1. Shifts (formerly My Schedule)
  2. Task Manager
  3. How do I?

Then, we got to work with colleagues from across the business, including those in-store, to see what we could achieve.

I want to talk to you about Shifts. On Monday 23 April we’ll open the website for all Co-op Food colleagues to use if you would like to, after just over a year of working to make this product the best it can be.

The road to launching Shifts

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It’s been a long yet fast-paced road of working on Shifts, always with colleague-users in mind. It’s our colleague-users, those in-store who’ll be using this product from Monday, who have been helping shape Shifts with their feedback and insight from the shop floor.

Once we’ve launched Shifts to the Co-op Food colleague community, we’ll be looking at updates and new features to launch this Summer. We’ll keep you updated on our progress on this blog and on the Co-op Colleagues Facebook Page.

Watch our live Show and Tell

Together with my colleague Paul we hosted a Show & Tell last night on YouTube for colleagues interested in how we developed Shifts, with the opportunity to ask questions in live chat. You can watch a recording of the show and tell on Co-op YouTube.

What colleagues had to say about Shifts

I have to thank the hundreds of colleagues from stores across the country who worked with us on trialing Shifts in both the Alpha (first stage testing) and Beta (second stage testing). Without you, the product wouldn’t be what it is. Here’s what colleagues had to say about Shifts:

https://youtu.be/Fmxm2nePQDM

Thanks again to everyone involved in creating Shifts. Access Shifts from 23 April at coop.co.uk/shifts

Chris Ward

Product Manager

Showing we Care – Old Uniforms to benefit the Salvation Army

As Shakespeare once said “clothes maketh the man” and this is certainly true of the image we try to portray to our customers and members through our Co-op uniform. As advocates of our brand, it ensures customers know colleagues are part of the team and the community.

Taking pride in appearance is important to our store colleagues. At the Retail Support Centre we try to guarantee colleagues can access the right uniform at the right time, as we recognise the lasting impression a poor or incorrect uniform can give our customers and members.

All Change

Over the years we have seen many variations of the uniform, and with each new style we have stacked stock high to allow colleagues to access what they need, when they need it. This has left us with a massive amount of legacy stock that we have already paid for but can no longer use.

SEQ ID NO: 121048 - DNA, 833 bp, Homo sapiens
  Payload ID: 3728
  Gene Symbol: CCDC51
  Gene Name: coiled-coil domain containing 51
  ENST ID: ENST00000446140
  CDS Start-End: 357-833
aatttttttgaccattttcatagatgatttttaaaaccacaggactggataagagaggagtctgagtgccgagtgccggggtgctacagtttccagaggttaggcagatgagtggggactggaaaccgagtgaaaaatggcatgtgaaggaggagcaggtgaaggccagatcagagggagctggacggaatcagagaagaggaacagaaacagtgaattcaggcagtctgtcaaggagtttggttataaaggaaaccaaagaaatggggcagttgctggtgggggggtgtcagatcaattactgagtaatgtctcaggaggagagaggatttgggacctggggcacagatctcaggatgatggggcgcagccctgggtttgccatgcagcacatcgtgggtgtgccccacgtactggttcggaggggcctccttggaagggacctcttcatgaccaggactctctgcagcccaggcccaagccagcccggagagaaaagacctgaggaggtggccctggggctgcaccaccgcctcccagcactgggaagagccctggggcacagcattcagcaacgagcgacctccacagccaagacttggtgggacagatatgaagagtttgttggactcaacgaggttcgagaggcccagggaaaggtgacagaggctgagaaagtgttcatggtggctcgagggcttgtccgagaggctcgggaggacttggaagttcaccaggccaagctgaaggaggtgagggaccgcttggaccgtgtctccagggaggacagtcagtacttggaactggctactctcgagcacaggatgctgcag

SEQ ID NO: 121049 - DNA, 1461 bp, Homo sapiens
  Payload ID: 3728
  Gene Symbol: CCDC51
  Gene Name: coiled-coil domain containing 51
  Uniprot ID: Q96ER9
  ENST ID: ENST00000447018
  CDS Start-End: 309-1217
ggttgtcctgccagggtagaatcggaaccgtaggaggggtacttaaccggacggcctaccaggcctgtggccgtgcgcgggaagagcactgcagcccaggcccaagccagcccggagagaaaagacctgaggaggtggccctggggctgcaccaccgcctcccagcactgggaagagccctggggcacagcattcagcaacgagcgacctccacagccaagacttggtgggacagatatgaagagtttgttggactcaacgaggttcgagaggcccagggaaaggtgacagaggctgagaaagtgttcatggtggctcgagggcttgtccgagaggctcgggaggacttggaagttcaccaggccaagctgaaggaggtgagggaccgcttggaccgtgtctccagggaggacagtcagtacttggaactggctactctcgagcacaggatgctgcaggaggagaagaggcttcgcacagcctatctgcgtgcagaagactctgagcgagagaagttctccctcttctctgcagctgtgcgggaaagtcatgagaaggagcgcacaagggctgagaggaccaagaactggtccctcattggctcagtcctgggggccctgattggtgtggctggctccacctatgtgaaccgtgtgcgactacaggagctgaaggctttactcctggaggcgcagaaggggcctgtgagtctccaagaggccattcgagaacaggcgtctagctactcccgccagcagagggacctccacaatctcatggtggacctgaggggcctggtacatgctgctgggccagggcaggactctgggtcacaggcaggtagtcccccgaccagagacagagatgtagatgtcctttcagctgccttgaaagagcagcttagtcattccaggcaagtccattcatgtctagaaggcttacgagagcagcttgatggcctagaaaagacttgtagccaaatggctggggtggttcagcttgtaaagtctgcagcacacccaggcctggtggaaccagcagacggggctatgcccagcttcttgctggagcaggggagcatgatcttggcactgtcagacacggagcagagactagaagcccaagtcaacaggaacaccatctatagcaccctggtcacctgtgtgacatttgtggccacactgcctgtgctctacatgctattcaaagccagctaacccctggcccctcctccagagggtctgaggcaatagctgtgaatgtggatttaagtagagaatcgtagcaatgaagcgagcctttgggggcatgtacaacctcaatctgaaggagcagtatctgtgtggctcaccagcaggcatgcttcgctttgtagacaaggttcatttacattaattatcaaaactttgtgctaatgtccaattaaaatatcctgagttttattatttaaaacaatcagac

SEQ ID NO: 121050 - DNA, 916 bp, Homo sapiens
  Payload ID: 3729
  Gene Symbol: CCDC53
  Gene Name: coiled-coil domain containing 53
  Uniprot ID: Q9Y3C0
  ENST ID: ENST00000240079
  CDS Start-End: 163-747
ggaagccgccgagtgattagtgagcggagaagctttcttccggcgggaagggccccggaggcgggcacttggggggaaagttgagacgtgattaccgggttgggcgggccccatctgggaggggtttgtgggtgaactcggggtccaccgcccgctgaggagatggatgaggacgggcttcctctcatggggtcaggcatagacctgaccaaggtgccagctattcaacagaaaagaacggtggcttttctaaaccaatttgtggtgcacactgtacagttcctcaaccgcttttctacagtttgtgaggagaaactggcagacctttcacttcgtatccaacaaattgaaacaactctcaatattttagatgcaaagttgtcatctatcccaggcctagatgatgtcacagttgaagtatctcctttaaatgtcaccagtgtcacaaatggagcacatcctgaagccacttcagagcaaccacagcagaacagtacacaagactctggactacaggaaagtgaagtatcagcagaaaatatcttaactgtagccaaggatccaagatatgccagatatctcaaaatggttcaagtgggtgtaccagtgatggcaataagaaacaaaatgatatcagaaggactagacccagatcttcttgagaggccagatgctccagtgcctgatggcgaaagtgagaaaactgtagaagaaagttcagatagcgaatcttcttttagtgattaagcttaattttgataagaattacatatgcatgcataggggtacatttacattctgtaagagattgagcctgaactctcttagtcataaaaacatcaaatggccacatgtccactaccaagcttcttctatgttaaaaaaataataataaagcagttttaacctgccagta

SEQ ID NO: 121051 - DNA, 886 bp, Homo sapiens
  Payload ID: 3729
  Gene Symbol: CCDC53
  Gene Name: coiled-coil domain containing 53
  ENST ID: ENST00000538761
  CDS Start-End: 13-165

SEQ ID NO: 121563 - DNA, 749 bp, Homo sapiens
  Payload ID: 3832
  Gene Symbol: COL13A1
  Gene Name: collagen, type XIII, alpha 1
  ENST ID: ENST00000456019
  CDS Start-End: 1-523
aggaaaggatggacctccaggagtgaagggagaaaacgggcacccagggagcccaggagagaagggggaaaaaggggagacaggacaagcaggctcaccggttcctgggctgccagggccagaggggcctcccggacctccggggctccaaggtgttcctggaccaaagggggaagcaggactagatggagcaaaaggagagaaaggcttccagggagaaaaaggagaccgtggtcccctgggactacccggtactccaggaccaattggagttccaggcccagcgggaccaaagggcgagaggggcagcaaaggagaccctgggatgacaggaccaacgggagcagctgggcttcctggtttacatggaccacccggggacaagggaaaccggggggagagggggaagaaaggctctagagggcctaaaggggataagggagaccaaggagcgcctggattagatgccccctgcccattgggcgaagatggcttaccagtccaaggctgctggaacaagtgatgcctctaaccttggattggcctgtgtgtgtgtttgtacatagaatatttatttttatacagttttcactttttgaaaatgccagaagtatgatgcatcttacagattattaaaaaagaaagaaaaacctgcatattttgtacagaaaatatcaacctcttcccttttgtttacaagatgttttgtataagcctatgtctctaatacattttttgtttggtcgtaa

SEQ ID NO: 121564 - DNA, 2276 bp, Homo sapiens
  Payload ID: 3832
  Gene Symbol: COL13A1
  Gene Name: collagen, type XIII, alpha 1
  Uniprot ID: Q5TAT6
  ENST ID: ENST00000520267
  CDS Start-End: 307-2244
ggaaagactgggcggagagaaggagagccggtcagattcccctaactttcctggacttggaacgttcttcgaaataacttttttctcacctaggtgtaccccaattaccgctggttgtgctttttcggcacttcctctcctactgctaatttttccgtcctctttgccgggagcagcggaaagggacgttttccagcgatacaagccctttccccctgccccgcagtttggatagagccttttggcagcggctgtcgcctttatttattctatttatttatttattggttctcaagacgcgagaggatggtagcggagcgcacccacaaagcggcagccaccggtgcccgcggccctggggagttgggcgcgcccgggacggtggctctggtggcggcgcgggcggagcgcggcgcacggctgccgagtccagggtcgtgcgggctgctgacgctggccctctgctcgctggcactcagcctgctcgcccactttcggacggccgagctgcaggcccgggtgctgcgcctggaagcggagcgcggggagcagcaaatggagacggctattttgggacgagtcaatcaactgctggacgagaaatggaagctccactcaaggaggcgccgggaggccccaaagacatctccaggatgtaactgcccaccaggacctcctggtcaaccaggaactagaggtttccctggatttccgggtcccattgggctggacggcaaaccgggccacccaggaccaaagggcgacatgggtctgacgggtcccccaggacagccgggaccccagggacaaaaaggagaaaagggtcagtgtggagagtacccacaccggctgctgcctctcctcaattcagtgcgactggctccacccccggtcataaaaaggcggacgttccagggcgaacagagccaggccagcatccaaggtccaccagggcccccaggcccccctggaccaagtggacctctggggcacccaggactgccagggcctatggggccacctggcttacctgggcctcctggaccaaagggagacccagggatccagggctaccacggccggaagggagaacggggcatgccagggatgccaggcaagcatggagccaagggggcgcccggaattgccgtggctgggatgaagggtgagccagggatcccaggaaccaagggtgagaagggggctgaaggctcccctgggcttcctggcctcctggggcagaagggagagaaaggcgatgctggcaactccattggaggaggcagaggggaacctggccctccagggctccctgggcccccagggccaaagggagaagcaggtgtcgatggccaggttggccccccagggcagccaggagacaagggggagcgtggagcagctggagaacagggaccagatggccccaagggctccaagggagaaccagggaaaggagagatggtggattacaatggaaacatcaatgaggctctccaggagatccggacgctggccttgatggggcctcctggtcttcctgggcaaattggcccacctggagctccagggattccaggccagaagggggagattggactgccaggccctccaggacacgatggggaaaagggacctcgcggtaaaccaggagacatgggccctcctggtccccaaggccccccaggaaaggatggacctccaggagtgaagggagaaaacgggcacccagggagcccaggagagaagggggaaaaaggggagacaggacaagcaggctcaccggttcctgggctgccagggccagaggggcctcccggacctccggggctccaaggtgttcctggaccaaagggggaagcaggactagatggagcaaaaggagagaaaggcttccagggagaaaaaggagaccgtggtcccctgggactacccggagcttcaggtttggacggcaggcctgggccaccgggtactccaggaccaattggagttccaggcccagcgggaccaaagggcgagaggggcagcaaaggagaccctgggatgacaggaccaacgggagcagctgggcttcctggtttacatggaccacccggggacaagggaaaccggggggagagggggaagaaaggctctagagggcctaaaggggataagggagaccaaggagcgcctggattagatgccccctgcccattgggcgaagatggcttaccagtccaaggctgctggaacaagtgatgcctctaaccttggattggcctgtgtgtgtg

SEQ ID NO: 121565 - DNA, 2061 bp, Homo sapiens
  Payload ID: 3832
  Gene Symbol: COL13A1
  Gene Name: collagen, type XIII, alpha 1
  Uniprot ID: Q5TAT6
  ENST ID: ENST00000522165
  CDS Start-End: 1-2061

The launch of our new pioneer brand, and the move away from the Black and Green uniform, has given the Retail Loss and Costs team an opportunity to complete a full review of the stock we have, and we have identified 14 lines, over 2000 items, which are now surplus stock. This includes shirts, trousers, skirts and polos, some of which haven’t been part of our uniform for several years! These are all new, good quality items which, after a little bit of de-branding, can be put to good use elsewhere.

Showing we care by doing what matters most

Working in partnership with our uniform supplier Dimensions, and our own internal Customer and Community team, we have identified one of our many charity partners to help us distribute this surplus clothing to people who can make good use of it. And so after months of ground work, 84 boxes of clothing, nearly £20,000 of stock, have been distributed to help people in other areas of the country.

Our community partner, The Salvation Army, have distributed this stock to its many charity shops around the UK, allowing people to purchase a bargain and help a good cause in the process. The Salvation Army allows us to distribute on a wide scale whilst still supporting causes close to our Co-op heart – modern slavery, homelessness and people in poverty.

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It’s not always about saving money

Often the bearers of bad news, the Retail Loss and Costs team are not usually the ones to give money away! However, we are constantly working with other Retail Support Centre teams to ensure the best outcome is achieved for all our Colleagues, Customers and Members.

Being able to fix problems in the background allows the team to see things from a different perspective, and this is just one example where the result is absolutely not about saving money, but about doing what matters most for us all in a Simple, Meaningful and Sustainable way.

Sarah Bedwell, Retail Loss & Costs